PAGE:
Hawks’ Sergeant York for example, to me anyway, is a glamorization of American patriotism sold on the idea that it actually happened, despite some glaring revisions of the truth of York’s actions – once I had read about that scene of him being struck by lightning being a dramatic liberty in place of him more or less overcoming his alcoholism on his own, I felt I understood what the aim of the picture was, even if it was released before Pearl Harbor.
On the other hand, using a more recent example, Mann’s The Insider, I felt that despite certain dramatizations involved they were done to better exemplify the point of that whole situation, more so exemplified off-screen I felt by Charlie Rose’s obviously biased interview with Mann on the film, where he basically said he was to be loyal to the media machine that Mann criticized in his film and openly derisive to Mann and his film, even going so far as to more or less suggesting Spielberg would have done a better job. At least Mann was able to keep face and composure compared to the obviously bought-and-sold Rose.
Mann: “I concentrate obviously more on the making of the film than the marketing of the film.”
Rose: “Perhaps that’s a mistake.”
He didn’t attempt to have them take responsibility, he attempted to have them give him money knowing they wouldn’t take responsibility. But he never took them to any adult who was empowered to hook them up with new homes because he didn’t want the family split apart.
What does it matter how the real events the film is based on unfolded? Kore-eda probably thought the shock value of the real events would distract attention from the theme of neglect and willful ignorance hew as trying to convey.
Kore-eda probably thought the shock value of the real events would distract attention from the theme of neglect and willful ignorance he was trying to convey.
Yes, but if you’re going to deviate from the facts in such a fundamental way then why base the story on the real events in the first place?
“But he never took them to any adult who was empowered…”
What adult did he know that was “empowered”? He’d never been to school, never seen the world outside of his mother’s eyes, and only knew the men she had had children with.
So yes, a child like that going to the only adult he knows is an attempt to have them take a responsibility he doesn’t want.
Sequence of events:
Mother leaves. He eventually realized she isn’t coming back. Goes to only other adults he knows. They do nothing. Goes to park and meets other children. They hang out in his apartment at all hours playing video games. He ignores the wants and needs of his siblings. Is struck with the realization of responsibility. Is rewarded with help from a girl he obviously has affection for. An accident occurs and the tragedy suggested is that even in the heroism one achieves by overcoming extreme neglect, life still takes from you.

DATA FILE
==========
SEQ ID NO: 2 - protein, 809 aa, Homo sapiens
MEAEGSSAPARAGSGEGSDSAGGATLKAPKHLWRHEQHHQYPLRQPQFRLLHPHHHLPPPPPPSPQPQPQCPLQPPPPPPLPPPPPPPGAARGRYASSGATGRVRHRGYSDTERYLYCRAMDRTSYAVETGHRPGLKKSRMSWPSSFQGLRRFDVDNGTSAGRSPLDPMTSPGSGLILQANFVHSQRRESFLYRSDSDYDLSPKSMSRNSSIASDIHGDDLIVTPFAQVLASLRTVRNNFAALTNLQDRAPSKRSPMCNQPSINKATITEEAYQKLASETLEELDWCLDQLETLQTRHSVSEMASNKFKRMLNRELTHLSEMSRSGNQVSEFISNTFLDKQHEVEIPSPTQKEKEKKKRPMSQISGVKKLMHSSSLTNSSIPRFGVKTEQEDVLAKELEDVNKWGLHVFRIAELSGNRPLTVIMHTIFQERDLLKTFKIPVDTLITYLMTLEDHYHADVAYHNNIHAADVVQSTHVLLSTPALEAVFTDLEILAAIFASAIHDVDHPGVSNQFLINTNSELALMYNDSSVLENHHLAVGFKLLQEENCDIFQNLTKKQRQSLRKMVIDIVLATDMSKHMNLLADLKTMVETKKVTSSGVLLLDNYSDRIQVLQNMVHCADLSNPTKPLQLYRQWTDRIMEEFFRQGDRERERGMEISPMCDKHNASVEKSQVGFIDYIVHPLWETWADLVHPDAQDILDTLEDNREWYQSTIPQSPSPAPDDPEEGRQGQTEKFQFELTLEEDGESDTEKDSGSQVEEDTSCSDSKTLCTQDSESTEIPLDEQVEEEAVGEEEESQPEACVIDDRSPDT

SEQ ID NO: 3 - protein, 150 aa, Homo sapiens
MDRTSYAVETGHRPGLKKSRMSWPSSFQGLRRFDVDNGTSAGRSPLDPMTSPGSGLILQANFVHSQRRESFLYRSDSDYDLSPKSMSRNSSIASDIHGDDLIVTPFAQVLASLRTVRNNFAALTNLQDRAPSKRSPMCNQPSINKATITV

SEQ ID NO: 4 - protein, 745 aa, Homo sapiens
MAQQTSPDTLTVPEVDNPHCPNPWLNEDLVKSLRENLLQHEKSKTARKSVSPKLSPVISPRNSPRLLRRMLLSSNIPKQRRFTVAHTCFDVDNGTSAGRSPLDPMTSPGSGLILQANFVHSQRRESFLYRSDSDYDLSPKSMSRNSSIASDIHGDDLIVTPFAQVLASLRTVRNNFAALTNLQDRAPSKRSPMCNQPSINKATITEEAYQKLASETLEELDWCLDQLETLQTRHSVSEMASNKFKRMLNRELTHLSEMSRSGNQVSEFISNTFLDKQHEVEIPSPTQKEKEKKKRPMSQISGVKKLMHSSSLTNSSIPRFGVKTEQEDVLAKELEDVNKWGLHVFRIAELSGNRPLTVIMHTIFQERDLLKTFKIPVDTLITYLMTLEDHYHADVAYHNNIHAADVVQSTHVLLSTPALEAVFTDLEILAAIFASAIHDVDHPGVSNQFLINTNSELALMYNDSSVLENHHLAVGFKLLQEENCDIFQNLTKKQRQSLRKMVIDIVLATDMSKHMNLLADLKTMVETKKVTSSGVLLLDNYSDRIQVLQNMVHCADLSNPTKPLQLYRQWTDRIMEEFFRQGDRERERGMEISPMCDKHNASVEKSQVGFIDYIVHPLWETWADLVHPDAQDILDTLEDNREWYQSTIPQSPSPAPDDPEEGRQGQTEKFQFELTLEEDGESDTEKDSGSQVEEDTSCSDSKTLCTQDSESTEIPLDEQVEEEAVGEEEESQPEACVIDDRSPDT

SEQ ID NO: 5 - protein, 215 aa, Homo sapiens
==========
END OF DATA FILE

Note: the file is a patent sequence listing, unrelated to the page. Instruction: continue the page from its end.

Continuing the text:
The loss isn’t one of a family being torn (didn’t that happen when the mother left them?), but of a hero losing despite overcoming all obstacles.
The problem with this in relation to the real event is that the film ignores the complexity of human action and emotion for the simplicity of a more melodramatic, acceptable narrative.
What was that one quote about The Social Network by people who had actually been involved in the events? Something like, “Wow, that’s a really good movie! The makers were quite creative, we didn’t even know such dramatic and crazy things happened when we did it!”
Or something like that.
Yeah Rose was very biased and disrespectful in that interview. It’s funny that you posted a Michael Mann interview since I was about to post a quote from Mann myself (paraphrasing David Ray) : “We can learn things from drama about the human experience in a much more profound way, because it’s so dimensional, it’s about our feelings, it’s about all the multi-layered, multi-faceted ways in which we are, then we ever can from a facts report or from news.”
Yes, he was attempting to be a hero the only way he knew how, and the tragedy is that all the people around him who saw what was going on and looked the other way didn’t intervene at all.
Because those real events are what inspired you? I find this sort of thing far less devious than “The Impostor”, how they basically let a known pathological liar dictate the narrative and left with the impression that the family got away with murder.
“But books, even purportedly factual history books, distort real events all the time. Why? Because even the most “objective” accounts are told from a particular perspective”
But there is a huge difference, at least in my mind, between presenting some dull sequence of events in order to portray a conflict, like a generic Hollywood pic, or doing something along the lines of Sokurov, for example, that attempts to be a little more impressionistic and perhaps aim at something essential, while also being somewhat ambiguous.
To me it depends on the aim and the motive.
POLARIS: Yeah but it’s not like those guys are going to admit to being the assholes they are portrayed as being though, are they?
Anyone recall the opening claim in Fargo?
“THIS IS A TRUE STORY. The events depicted in this film took place in Minnesota in 1987. At the request of the survivors, the names have been changed. Out of respect for the dead, the rest has been told exactly as it occurred.”
And according to the Coens:
“We weren’t interested in that kind of fidelity. The basic events are the same as in the real case, but the characterizations are fully imagined…If an audience believes that something’s based on a real event, it gives you permission to do things they might otherwise not accept.”
Fascinating, and he’s right.
JFK is a giant steaming piece of homophobic garbage. I wrote about its lies extensively for “The Advocate” when it was first released. As a result “American Grotesque,” James Kirkwood’s definitive study of Jim Garrison and the Clay Shaw trial, written in 1967, was republished. Read it.